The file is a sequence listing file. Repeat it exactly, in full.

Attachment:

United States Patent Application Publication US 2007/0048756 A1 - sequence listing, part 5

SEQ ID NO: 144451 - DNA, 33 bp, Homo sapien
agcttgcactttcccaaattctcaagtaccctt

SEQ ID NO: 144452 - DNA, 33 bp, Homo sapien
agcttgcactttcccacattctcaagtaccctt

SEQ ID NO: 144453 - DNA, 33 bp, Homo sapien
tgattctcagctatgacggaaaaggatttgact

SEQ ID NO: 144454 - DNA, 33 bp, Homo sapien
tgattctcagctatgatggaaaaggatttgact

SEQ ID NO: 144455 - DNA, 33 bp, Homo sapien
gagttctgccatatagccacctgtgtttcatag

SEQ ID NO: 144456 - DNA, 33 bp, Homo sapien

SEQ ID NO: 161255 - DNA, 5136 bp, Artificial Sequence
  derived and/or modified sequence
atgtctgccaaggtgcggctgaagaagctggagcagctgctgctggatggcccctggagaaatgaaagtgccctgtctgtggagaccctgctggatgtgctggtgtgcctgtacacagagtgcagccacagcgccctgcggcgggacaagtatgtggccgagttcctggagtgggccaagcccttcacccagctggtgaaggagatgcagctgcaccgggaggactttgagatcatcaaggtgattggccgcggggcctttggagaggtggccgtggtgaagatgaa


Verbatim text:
United States Patent Application Publication US 2007/0048756 A1 - sequence listing, part 5

SEQ ID NO: 144451 - DNA, 33 bp, Homo sapien
agcttgcactttcccaaattctcaagtaccctt

SEQ ID NO: 144452 - DNA, 33 bp, Homo sapien
agcttgcactttcccacattctcaagtaccctt

SEQ ID NO: 144453 - DNA, 33 bp, Homo sapien
tgattctcagctatgacggaaaaggatttgact

SEQ ID NO: 144454 - DNA, 33 bp, Homo sapien
tgattctcagctatgatggaaaaggatttgact

SEQ ID NO: 144455 - DNA, 33 bp, Homo sapien
gagttctgccatatagccacctgtgtttcatag

SEQ ID NO: 144456 - DNA, 33 bp, Homo sapien

SEQ ID NO: 161255 - DNA, 5136 bp, Artificial Sequence
  derived and/or modified sequence
atgtctgccaaggtgcggctgaagaagctggagcagctgctgctggatggcccctggagaaatgaaagtgccctgtctgtggagaccctgctggatgtgctggtgtgcctgtacacagagtgcagccacagcgccctgcggcgggacaagtatgtggccgagttcctggagtgggccaagcccttcacccagctggtgaaggagatgcagctgcaccgggaggactttgagatcatcaaggtgattggccgcggggcctttggagaggtggccgtggtgaagatgaa